6. Busigny V, Cartigny P, Philippot P, Ader M, Javoy M (2003) Massive recycling of nitrogen and other fluid-mobile elements (K, Rb, Cs, H) in a cold slab environment: evidence from HP to UHP oceanic metasediments of the Schistes Lustrés nappe (western Alps, Europe). Earth Planet Sci Lett 215:27–42CrossRefGoogle Scholar
  7. Busigny V, Laverne C, Bonifacie M (2005) Nitrogen content and isotopic composition of oceanic crust at a superfast spreading ridge: a profile in altered basalts from ODP Site 1256, Leg 206. Geochem Geophys Geosyst 6:Q12O01. doi: 10.1029/2005GC001020
  8. Busigny V, Cartigny P, Philippot P (2011) Nitrogen isotopes in ophiolitic metagabbros: a re-evaluation of modern nitrogen fluxes in subduction zones and implication for the early Earth atmosphere. Geochim Cosmochim Acta 75:7502–7521CrossRefGoogle Scholar
  9. Cartigny P, Harris JW, Phillips D, Girard M, Javoy M (1998) Subduction-related diamonds?—The evidence for a mantle-derived origin from coupled δ13C-δ15N determinations. Chem Geol 147:147–159CrossRefGoogle Scholar
  10. Cartigny P, Harris JW, Javoy M (2001a) Diamond genesis, mantle fractionations and mantle nitrogen content: a study of δ13C-N concentrations in diamonds. Earth Planet Sci Lett 185:85–98CrossRefGoogle Scholar
  11. Cartigny P, Jendrzejewski N, Pineau F, Petit E, Javoy M (2001b) Volatile (C, N, Ar) variability in MORB and the respective roles of mantle and source heterogeneity and degassing: the case of the Southwest Indian Ridge. Earth Planet Sci Lett 194:241–257CrossRefGoogle Scholar
  12. Dauphas N, Marty B (1999) Heavy nitrogen in carbonatites of the Kola Peninsula: a possible signature of the deep mantle. Science 286:2488–2490CrossRefGoogle Scholar
  13. Dobrzhinetskaya LF, Wirth R, Yang J, Hutcheon ID, Weber PK, Green HW (2009) High-pressure highly reduced nitrides and oxides from chromitite of a Tibetan ophiolite. Proc Nat Acad Sci 106:19233–19238CrossRefGoogle Scholar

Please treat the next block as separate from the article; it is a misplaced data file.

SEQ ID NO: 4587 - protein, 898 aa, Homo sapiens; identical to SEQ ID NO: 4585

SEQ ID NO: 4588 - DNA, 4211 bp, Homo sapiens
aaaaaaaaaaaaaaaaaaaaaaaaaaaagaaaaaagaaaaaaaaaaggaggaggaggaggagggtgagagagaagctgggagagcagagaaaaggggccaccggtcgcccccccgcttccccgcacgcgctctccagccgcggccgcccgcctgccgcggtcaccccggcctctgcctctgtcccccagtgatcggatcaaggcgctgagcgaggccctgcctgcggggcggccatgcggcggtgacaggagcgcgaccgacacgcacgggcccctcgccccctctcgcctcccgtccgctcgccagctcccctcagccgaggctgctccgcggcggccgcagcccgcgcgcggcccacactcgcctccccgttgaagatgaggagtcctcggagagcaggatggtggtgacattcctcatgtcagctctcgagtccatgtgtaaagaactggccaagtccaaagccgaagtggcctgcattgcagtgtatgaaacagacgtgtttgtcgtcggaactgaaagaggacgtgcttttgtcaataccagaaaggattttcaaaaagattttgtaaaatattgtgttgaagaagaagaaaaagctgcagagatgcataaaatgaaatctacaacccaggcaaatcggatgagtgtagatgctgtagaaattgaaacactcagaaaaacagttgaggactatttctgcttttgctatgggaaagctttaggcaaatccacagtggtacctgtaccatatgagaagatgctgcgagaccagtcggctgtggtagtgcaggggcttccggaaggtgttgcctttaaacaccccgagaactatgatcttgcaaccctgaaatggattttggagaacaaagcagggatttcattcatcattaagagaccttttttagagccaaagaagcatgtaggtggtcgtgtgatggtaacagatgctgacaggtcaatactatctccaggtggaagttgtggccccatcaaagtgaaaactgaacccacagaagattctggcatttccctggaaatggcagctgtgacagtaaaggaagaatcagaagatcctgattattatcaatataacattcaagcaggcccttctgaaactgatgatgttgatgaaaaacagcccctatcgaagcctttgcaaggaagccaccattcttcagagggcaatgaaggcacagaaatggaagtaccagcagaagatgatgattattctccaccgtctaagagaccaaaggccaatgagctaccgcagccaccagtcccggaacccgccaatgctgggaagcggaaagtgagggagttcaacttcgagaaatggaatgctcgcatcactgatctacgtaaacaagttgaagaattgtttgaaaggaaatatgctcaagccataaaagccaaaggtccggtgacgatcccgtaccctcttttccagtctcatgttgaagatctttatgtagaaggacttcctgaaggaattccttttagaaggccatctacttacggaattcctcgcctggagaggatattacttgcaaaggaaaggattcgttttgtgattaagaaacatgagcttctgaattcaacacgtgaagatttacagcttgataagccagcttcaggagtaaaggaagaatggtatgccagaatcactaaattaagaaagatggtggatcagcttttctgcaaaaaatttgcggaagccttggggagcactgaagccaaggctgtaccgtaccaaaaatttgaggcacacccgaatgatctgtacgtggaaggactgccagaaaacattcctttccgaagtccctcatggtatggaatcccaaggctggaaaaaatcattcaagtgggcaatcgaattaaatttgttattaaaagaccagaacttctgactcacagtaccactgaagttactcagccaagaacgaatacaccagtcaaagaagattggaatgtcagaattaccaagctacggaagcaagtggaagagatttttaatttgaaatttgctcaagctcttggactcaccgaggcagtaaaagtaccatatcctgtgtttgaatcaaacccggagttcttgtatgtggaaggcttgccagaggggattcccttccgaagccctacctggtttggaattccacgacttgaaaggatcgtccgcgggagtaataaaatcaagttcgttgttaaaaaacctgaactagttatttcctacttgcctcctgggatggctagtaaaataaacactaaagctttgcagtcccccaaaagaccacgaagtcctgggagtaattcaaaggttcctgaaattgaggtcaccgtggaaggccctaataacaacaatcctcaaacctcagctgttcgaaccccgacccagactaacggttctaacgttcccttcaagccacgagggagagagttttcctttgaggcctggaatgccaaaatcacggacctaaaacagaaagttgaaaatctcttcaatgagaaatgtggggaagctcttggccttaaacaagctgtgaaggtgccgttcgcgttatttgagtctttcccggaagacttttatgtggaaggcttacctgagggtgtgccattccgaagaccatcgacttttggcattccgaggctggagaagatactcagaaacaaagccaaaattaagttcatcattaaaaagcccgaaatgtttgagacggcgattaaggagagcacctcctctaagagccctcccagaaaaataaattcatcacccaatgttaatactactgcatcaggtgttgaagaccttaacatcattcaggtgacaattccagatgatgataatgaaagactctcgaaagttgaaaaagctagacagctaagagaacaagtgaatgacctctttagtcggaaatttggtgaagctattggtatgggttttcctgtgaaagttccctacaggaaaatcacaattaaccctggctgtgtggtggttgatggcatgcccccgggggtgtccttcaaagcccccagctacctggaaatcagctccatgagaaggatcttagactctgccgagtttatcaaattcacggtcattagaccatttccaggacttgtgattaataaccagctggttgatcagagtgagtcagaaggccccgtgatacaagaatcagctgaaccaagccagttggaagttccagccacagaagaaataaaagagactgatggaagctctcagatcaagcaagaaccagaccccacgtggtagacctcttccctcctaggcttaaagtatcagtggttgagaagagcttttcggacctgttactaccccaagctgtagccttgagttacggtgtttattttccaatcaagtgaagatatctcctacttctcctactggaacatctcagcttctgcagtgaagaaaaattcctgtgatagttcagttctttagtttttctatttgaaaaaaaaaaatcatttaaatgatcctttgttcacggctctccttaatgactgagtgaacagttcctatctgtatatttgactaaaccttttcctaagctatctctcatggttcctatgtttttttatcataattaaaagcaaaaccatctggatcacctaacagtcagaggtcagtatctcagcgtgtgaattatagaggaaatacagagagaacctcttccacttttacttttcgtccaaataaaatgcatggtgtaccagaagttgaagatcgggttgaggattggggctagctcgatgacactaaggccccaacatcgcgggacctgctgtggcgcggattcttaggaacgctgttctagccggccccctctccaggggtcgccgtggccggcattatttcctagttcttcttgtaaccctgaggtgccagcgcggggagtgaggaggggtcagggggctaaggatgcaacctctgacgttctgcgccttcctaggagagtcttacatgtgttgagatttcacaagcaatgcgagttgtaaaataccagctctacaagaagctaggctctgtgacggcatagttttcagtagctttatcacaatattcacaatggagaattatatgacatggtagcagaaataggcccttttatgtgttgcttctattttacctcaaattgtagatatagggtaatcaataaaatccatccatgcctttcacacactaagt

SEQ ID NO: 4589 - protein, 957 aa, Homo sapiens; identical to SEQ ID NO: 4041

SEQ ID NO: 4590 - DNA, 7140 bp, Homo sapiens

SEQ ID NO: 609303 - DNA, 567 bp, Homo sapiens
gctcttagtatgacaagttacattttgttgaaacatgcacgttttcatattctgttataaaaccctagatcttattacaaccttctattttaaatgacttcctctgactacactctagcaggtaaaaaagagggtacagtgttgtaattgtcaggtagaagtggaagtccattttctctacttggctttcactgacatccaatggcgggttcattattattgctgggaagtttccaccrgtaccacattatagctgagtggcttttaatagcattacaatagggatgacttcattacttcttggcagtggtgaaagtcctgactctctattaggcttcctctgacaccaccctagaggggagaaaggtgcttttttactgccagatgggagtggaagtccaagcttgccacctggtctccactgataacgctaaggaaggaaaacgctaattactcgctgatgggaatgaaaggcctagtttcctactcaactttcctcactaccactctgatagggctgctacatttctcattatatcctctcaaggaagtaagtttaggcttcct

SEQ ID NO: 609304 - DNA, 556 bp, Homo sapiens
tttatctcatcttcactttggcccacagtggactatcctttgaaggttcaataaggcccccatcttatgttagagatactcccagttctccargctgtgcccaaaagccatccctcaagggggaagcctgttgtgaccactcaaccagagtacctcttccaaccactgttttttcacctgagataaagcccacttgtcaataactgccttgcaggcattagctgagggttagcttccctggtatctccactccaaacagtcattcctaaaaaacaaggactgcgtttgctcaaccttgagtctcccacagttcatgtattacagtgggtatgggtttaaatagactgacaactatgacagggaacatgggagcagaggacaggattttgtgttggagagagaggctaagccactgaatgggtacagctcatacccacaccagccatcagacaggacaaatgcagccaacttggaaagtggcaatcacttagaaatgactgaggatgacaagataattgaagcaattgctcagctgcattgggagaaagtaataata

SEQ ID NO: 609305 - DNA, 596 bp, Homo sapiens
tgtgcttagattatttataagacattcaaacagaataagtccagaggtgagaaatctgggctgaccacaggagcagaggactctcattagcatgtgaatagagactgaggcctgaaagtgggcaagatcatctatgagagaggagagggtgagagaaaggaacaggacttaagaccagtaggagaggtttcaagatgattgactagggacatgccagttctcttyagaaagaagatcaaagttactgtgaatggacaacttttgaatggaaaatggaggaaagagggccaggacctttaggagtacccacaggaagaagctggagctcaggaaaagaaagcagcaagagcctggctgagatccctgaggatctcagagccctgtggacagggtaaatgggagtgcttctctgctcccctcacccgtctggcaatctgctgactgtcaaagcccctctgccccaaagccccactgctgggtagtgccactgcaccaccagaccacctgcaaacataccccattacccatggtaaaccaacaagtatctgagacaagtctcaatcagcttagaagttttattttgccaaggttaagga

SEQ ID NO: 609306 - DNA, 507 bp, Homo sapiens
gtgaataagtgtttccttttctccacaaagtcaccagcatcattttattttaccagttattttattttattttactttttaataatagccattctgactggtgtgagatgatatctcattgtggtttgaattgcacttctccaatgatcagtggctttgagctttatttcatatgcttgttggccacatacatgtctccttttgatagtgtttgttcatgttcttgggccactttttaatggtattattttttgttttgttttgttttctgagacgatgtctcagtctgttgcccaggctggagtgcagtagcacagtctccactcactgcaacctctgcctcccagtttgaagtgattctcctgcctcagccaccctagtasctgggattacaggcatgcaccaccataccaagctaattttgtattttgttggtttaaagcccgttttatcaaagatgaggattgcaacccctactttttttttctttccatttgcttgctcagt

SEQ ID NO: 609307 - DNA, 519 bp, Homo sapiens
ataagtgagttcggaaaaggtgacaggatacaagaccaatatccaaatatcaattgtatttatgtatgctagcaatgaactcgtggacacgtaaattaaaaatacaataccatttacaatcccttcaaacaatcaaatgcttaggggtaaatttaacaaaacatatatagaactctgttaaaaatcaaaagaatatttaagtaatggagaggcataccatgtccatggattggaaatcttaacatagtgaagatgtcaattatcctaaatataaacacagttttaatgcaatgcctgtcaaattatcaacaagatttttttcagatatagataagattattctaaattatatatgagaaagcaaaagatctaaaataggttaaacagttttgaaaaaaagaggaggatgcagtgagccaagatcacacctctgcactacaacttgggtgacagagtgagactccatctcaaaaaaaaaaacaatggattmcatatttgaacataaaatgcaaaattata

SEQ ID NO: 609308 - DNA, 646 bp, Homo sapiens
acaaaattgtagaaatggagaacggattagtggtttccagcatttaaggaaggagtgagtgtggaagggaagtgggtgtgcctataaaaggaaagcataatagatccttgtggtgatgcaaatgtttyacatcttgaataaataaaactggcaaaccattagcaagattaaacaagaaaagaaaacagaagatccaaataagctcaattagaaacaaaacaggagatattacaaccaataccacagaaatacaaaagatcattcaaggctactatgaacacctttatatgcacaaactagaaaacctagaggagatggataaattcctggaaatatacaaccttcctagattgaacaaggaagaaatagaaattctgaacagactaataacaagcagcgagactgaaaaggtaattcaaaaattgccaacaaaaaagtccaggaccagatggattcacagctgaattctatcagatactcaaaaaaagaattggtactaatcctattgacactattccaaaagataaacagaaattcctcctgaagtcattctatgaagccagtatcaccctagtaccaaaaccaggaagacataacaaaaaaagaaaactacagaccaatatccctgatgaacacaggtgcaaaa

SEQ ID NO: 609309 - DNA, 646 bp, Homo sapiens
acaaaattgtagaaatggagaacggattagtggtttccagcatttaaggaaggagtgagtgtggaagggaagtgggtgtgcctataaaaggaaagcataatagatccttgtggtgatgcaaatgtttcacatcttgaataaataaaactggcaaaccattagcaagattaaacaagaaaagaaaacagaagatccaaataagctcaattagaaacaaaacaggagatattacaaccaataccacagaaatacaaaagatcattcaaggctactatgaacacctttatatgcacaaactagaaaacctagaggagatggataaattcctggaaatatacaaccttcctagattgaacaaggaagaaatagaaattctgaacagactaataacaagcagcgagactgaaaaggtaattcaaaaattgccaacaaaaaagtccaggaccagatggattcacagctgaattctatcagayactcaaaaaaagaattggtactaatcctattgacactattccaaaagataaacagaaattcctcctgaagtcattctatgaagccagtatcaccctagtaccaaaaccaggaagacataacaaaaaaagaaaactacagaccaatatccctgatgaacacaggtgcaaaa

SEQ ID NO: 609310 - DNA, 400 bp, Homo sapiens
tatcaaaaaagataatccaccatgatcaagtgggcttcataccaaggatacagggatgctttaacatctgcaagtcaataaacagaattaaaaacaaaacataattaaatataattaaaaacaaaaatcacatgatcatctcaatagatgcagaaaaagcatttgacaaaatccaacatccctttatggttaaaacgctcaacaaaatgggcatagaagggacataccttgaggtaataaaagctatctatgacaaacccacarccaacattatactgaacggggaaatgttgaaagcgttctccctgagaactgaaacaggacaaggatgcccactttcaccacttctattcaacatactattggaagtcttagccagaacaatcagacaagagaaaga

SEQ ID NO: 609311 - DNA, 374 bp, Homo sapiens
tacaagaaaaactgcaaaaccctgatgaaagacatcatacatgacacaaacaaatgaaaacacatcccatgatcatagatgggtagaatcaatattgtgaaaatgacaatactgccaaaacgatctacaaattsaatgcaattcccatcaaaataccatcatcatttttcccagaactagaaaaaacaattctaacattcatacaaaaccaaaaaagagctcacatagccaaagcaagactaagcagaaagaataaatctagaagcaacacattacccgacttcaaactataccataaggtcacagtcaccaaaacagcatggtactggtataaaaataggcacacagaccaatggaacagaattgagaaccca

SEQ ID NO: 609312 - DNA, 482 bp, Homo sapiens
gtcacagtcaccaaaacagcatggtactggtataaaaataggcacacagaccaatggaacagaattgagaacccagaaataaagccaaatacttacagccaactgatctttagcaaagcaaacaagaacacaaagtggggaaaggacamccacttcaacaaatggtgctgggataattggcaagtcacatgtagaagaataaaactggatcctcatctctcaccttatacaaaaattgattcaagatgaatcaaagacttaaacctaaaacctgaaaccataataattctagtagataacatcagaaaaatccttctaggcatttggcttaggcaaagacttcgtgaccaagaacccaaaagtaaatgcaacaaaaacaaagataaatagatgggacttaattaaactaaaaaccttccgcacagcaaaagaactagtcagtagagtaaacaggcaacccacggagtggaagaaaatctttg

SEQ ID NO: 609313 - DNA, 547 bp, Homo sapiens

14. Elkins LJ, Fischer TP, Hilton DR, Sharp ZD, McKnight S, Walker J (2006) Tracing nitrogen in volcanic and geothermal volatiles from the Nicaraguan volcanic front. Geochim Cosmochim Acta 70:5215–5235CrossRefGoogle Scholar
  15. Fischer TP, Hilton DR, Zimmer MM, Shaw AM, Sharp ZD, Walker JA (2002) Subduction and recycling of nitrogen along the Central American margin. Science 297:1154–1157CrossRefGoogle Scholar
  16. Fischer TP, Takahata N, Sano Y, Sumino H, Hilton DR (2005) Nitrogen isotopes of the mantle: insights from mineral separates. Geophys Res Lett 32. doi: 10.1029/2005GL022792
  17. Garrido CJ, López Sánchez-Vizcaíno VL, Gómez-Pugnaire MT, Trommsdorff V, Alard O, Bodinier J-L, Godard M (2005) Enrichment of HFSE in chlorite-harzburgite produced by high-pressure dehydration of antigorite-serpentinite: implications for subduction magmatism. Geochem Geophys Geosyst 6:Q01J15. doi: 10.1029/2004GC000791
  18. Gómez-Pugnaire MT, Ulmer P, López Sánchez-Vizcaíno V (2000) Petrogenesis of the mafic igneous rocks of the Betic Cordilleras: a field, petrological and geochemical study. Contrib Miner Petrol 139:436–457CrossRefGoogle Scholar
  19. Hacker BR, Abers GA, Peacock SM (2003) Subduction factory 1. Theoretical mineralogy, densities, seismic wave speeds, and H2O contents. J Geophys Res 108(B1):2029. doi: 10.1029/2001JB001127 CrossRefGoogle Scholar
  20. Haendel D, Mühle K, Nitzsche H-M, Stiehl G, Wand U (1986) Isotopic variations of the fixed nitrogen in metamorphic rocks. Geochim Cosmochim Acta 50:749–758CrossRefGoogle Scholar
  21. Halama R, Bebout GE, John T, Schenk V (2010) Nitrogen recycling in subducted oceanic lithosphere: the record in high- and ultrahigh-pressure metabasaltic rocks. Geochim Cosmochim Acta 74:1636–1652CrossRefGoogle Scholar
  22. Halama R, John T, Herms P, Hauff F, Schenk V (2011) A stable (Li, O) and radiogenic (Sr, Nd) isotope perspective on metasomatic processes in a subducting slab. Chem Geol 281:151–166CrossRefGoogle Scholar
  23. Hanschmann G (1981) Berechnung von Isotopieeffekten auf quantenchemischer Grundlage am Beispiel stickstoffhaltiger Moleküle. ZFI Mitteilungen 41:19–39Google Scholar
  24. Hilton DR, Fischer TP, Marty B (2002) Noble gases and volatile recycling at subduction zones. In: Porcelli D, Ballentine CJ, Wieler R (eds) Noble gases in geochemistry and cosmochemistry, reviews in mineralogy and geochemistry, vol 47. The Mineralogical Society of America, Washington, DC, pp 319–370Google Scholar